Icon: The Barbour jacket
Words by Delwynn Mallett
Photography by Chloe Mallett
In the fourth of our Icons series, we discuss the Barbour jacket and those who wear it, from The Queen to Steve McQueen.
For decades the ‘Barbour’ had the peculiar if the not unique distinction of being the weatherproof of choice for Her Majesty’s Subjects at the extreme ends of the British social spectrum. Designed originally to offer protection to dockside workers the Barbour eventually found favour with the landed gentry, up to and including Her Majesty, while at the opposite end of the scale becoming indispensable to the oft-derided ‘greasy-biker’.
John Barbour, born in 1849, and raised on a farm in Galloway, southwest Scotland, crossed the border at the age of 20 to try his luck as a traveling draper, wending his way to South Shields on the southern side and eastern end of Hadrian’s Wall, at the mouth of the River Tyne. Happy with his new vocation, and location, he sent for and married his childhood sweetheart and the couple eventually produced 11 children. In 1894 Barbour opened ‘J Barbour & Sons’ in Market Place, South Shields. All-purpose drapers, Barbour’s soon became an important supplier of oilskin clothing to the ship-builders, dock workers and sailors that serviced the town’s major industries.
Waxed cotton, Egyptian cotton impregnated with paraffin wax, was an evolution of oilskin and was developed in Arbroath, Scotland, in the 1920s by sailmakers Francis Webster Ltd. The versatility and advantages of the new lightweight waterproof material made it an immediate success and Barbour was quick to see the potential of waxed cotton garments for ‘landlubbers’ and introduced a range of weatherproofs for farmers and gamekeepers. In 1936 John Barbour’s grandson, Duncan, a keen motorcyclist, created an all-in-one motorcycle over-suit – more like a pocketless jumpsuit than the Barbour’s we now know. This waxed-onesie would travel a peculiar route on its way to becoming the biker’s favourite.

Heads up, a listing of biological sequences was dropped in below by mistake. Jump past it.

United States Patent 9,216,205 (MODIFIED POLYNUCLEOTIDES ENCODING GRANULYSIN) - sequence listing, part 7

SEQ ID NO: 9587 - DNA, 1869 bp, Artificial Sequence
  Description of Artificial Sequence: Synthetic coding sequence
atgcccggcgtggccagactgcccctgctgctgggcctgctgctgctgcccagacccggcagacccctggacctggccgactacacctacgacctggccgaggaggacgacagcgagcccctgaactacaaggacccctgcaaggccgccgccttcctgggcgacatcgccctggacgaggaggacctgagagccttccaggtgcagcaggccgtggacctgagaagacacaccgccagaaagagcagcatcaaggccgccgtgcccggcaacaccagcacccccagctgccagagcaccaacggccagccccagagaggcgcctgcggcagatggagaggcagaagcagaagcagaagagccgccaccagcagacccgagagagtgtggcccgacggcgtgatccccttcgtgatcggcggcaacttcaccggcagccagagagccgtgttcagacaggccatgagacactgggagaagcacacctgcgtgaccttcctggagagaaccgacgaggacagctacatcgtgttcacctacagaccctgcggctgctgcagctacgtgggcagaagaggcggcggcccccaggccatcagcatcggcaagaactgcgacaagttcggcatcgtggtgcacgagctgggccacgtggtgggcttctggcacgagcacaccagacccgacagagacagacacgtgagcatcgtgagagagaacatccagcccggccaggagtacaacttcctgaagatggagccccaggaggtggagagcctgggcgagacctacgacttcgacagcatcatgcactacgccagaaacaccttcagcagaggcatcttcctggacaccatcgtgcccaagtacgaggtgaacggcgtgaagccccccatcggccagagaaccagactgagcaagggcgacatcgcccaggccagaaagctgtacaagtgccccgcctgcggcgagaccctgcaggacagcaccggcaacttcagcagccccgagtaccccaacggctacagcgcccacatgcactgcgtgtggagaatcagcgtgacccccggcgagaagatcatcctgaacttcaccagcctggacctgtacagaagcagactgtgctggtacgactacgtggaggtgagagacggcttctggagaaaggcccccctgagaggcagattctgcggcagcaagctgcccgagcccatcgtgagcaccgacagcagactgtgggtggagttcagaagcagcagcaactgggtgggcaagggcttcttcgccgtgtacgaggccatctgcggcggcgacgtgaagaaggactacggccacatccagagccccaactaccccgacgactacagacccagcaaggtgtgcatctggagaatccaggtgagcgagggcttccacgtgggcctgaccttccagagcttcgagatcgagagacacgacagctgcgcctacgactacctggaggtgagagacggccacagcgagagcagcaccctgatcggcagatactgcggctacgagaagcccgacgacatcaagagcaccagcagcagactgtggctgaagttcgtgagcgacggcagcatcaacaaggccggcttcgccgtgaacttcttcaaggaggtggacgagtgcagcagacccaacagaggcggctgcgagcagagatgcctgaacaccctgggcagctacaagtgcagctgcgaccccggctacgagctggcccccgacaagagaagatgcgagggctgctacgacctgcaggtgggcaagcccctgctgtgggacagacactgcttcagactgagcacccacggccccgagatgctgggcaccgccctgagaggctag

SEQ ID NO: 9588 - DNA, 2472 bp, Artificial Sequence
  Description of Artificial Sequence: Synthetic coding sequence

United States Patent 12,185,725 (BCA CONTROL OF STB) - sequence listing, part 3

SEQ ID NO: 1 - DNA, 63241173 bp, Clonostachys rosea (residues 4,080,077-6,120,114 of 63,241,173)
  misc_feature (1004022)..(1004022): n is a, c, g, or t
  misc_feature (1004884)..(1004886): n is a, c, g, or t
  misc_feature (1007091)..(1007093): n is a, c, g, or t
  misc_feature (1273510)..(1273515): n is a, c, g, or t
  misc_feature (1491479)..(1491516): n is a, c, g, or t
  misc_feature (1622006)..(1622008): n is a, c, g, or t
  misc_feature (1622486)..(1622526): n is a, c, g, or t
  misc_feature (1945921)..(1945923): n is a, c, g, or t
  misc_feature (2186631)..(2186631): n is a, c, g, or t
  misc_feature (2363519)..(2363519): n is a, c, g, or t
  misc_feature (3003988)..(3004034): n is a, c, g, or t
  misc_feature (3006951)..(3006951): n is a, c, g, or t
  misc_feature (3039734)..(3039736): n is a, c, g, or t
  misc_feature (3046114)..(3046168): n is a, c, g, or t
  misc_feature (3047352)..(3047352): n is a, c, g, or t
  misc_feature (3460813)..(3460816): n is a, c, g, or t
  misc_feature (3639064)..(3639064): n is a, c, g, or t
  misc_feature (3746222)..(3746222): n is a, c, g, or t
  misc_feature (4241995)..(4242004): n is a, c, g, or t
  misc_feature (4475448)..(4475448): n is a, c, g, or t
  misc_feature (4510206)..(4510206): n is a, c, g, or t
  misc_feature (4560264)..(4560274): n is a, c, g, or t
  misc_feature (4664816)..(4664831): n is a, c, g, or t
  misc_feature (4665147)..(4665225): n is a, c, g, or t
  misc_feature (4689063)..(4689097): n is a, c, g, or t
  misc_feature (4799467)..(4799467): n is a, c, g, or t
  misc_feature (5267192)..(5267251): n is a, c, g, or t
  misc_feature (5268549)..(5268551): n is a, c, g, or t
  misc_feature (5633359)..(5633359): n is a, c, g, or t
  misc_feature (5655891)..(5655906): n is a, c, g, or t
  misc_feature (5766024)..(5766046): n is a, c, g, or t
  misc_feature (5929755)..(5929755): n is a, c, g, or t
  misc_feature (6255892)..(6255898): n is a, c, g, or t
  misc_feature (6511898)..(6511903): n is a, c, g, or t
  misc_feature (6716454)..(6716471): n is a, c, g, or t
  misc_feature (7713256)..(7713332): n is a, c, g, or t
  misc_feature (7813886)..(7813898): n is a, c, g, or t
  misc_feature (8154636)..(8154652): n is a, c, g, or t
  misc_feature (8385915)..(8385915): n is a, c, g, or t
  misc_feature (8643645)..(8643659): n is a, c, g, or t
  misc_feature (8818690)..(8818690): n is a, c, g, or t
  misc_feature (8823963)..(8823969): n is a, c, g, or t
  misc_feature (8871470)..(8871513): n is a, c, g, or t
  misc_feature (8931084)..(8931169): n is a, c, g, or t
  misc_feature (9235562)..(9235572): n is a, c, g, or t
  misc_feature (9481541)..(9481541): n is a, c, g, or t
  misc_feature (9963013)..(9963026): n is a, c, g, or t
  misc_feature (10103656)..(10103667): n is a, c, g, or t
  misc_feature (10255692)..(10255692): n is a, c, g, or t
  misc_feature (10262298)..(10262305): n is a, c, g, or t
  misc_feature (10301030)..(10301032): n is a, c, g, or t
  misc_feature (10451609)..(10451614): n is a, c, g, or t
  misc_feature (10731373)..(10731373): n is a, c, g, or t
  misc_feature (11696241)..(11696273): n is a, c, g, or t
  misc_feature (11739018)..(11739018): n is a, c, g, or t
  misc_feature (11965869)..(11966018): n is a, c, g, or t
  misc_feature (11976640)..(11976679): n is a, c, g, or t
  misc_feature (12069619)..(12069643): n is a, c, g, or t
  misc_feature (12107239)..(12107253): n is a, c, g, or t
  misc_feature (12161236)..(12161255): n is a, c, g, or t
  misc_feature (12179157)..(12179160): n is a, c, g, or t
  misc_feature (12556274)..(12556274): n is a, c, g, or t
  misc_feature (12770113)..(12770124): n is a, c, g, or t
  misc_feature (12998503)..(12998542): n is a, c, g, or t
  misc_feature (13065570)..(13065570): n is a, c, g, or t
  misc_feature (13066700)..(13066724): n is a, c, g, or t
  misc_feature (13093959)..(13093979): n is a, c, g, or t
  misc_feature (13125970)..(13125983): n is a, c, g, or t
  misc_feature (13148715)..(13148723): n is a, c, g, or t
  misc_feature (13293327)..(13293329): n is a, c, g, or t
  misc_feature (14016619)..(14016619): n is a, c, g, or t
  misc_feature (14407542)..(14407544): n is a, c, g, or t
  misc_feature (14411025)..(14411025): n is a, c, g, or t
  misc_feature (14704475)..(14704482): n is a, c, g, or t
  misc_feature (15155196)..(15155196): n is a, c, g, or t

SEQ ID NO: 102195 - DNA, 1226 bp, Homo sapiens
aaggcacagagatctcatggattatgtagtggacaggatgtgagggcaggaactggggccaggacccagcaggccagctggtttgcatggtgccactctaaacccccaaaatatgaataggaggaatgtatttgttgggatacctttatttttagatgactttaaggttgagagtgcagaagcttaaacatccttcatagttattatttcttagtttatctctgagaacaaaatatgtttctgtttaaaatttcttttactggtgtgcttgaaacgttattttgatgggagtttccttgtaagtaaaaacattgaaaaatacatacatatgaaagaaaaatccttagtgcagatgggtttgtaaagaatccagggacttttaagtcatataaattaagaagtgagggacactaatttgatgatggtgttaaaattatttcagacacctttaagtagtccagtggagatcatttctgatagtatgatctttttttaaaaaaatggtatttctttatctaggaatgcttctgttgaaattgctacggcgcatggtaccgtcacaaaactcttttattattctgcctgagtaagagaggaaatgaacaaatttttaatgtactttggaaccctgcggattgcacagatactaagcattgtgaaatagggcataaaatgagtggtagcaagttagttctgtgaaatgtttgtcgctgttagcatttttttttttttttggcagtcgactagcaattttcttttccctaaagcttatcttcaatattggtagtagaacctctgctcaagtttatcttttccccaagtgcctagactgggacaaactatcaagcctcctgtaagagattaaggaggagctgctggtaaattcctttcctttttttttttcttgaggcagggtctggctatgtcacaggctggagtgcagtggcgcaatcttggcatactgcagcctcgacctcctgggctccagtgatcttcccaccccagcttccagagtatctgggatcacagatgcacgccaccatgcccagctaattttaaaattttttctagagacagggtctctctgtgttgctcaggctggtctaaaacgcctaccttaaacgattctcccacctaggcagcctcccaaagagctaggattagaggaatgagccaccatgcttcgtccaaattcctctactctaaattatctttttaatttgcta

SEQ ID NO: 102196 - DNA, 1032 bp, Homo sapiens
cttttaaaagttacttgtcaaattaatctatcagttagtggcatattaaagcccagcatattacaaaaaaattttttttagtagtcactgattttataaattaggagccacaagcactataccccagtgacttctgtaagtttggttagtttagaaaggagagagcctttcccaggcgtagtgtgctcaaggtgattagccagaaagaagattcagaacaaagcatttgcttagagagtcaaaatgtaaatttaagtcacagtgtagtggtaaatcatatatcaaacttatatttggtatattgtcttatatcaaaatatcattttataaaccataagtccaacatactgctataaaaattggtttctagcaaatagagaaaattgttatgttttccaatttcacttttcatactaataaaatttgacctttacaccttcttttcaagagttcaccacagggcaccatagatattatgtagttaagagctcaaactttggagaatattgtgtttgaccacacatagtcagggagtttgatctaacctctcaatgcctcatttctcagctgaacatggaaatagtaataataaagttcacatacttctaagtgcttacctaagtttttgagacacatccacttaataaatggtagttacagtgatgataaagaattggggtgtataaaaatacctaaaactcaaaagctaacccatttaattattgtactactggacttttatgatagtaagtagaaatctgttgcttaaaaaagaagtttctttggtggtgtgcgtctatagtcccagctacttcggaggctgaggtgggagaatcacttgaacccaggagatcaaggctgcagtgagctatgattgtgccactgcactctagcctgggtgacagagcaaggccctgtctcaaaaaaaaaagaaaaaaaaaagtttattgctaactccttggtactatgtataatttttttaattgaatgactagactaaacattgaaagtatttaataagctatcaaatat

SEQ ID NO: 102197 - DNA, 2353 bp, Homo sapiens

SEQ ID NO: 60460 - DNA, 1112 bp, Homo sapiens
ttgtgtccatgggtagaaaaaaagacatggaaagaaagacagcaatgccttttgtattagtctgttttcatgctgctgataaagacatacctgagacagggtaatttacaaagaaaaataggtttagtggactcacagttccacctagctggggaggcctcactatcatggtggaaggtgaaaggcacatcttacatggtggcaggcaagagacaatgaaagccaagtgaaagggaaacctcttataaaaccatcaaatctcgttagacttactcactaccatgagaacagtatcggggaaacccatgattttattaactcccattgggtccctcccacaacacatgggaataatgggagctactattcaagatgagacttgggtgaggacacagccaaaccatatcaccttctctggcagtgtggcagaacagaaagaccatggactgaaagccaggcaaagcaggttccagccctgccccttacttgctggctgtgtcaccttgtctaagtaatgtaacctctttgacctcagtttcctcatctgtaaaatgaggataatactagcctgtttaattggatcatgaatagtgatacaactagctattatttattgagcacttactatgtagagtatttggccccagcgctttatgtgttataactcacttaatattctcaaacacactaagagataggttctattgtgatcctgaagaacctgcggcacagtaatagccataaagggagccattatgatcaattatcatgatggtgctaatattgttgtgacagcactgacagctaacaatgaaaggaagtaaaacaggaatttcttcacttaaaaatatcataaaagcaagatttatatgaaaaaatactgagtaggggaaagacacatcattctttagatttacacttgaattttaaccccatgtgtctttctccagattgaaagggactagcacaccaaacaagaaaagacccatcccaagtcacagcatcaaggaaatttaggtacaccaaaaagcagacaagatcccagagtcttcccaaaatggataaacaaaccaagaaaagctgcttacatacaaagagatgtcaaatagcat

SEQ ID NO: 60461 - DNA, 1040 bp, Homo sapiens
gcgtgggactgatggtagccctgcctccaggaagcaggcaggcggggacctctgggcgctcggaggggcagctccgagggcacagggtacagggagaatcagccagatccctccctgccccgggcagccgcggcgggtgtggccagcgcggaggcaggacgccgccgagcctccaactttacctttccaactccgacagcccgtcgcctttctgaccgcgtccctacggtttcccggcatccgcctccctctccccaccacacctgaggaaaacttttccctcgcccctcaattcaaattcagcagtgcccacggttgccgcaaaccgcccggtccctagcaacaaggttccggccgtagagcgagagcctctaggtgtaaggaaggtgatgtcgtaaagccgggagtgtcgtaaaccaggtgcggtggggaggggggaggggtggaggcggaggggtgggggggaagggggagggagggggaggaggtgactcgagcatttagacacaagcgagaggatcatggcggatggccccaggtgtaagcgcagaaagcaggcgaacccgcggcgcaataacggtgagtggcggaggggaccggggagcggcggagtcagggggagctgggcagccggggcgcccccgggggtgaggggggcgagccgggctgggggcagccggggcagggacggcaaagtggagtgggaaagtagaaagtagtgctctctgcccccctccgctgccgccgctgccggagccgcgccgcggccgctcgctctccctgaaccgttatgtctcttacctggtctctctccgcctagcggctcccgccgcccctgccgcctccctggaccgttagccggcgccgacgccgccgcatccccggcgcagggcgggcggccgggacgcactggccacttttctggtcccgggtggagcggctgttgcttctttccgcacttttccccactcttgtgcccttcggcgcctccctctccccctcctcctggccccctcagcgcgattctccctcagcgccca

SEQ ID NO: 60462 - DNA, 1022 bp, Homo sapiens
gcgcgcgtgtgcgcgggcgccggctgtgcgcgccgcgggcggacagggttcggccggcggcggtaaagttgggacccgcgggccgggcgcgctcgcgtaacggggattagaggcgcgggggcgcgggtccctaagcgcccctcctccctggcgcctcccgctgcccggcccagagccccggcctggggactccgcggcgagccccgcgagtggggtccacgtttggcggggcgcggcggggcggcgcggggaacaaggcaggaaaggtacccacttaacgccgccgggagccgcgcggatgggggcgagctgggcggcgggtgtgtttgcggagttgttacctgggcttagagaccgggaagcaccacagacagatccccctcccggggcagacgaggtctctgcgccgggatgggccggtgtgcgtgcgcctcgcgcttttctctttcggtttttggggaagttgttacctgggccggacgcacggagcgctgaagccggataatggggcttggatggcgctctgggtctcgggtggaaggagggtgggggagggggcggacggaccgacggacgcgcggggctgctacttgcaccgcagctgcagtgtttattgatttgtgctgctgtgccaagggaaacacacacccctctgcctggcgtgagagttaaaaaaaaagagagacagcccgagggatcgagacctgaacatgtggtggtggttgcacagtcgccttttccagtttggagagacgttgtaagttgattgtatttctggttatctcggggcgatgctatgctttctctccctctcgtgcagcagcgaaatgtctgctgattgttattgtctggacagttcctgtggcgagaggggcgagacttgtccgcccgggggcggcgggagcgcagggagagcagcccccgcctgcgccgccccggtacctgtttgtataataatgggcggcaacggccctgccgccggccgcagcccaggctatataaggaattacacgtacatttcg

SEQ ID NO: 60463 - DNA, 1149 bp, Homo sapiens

Captain George Philips took command of the Royal Navy’s ‘U’ class submarine HMS ‘Ursula’ in 1937. Life on the conning tower and deck of a submarine in rough seas was particularly unpleasant and the standard issue Navy clothing offered poor protection. Philips was impressed by the one-piece Barbour motorcycle suit that one of his crew chose to wear ‘topside’ and in 1939 contacted Barbour to see if they could produce an easier to climb into the two-piece version. Happy to oblige, Barbour modified their suit to Philip’s specification, adding pockets for stowing stuff and a hood, and he duly ordered a batch, apparently at his own expense, to kit out his crew. The Barbour jacket and high-waisted leggings proved so efficient at keeping the elements at bay that in 1942 the outfit was adopted officially by the Royal Navy for submarine use, suitably modified to include a navy blue cotton lining.
Post-war, surplus ‘Ursula Suits’ were snapped up by motorcyclists, who usually cut off the hood, not much use on a speeding motorcycle, prompting Barbour to produce a civilian version. Called the ‘International’, after the most famous motorcycling ordeal of the day, the ‘International Six Day Trial’ a tortuous mainly off-road event first held in 1913, which attracted teams from around the world, it quickly established itself as the suit of choice for motorcycle use in off-road competition and on-road commuting. The ‘International’ gained its distinctive diagonally placed map pocket on the left breast in 1951.
In 1974, Barbour received a Royal Warrant for Waterproof and Protective clothing from the coach and four-driving Duke of Edinburgh and in 1981 they received the ultimate accolade with a further warrant from the Land Rover-driving Queen of England. If there had ever been any doubt, Barbour was now the official uniform of the ‘country set’.
One Barbour-wearing ISDT competitor, despite not actually finishing the event, is remembered by the general public more than any other, and that is Hollywood legend Steve McQueen. As a member of the US team, McQueen crashed out on the third day of the 1964 event, held in East-Germany, but as the McQueen legend continues to grow his participation has eclipsed all others. So much so that Barbour, in pursuit of younger more overtly fashion conscious customers, launched a ‘Steve McQueen’ range including a ‘McQueen-ised’ version of the famous International.
Much copied, ‘Barbour’ has become the generic term for a type of waxed jacket or coat and what started life as a humble utilitarian working man’s garment has matured into a timeless, fashion defying classless classic that continues to grace the backs of ‘real’ royalty as well as royalty of the rock’n’roll variety. We say Long live the Barbour.
Shop the Barbour collection here:
Hair by Christopher Sweeney
Makeup by Linda Johansson
Model: Sarah Forth at Elite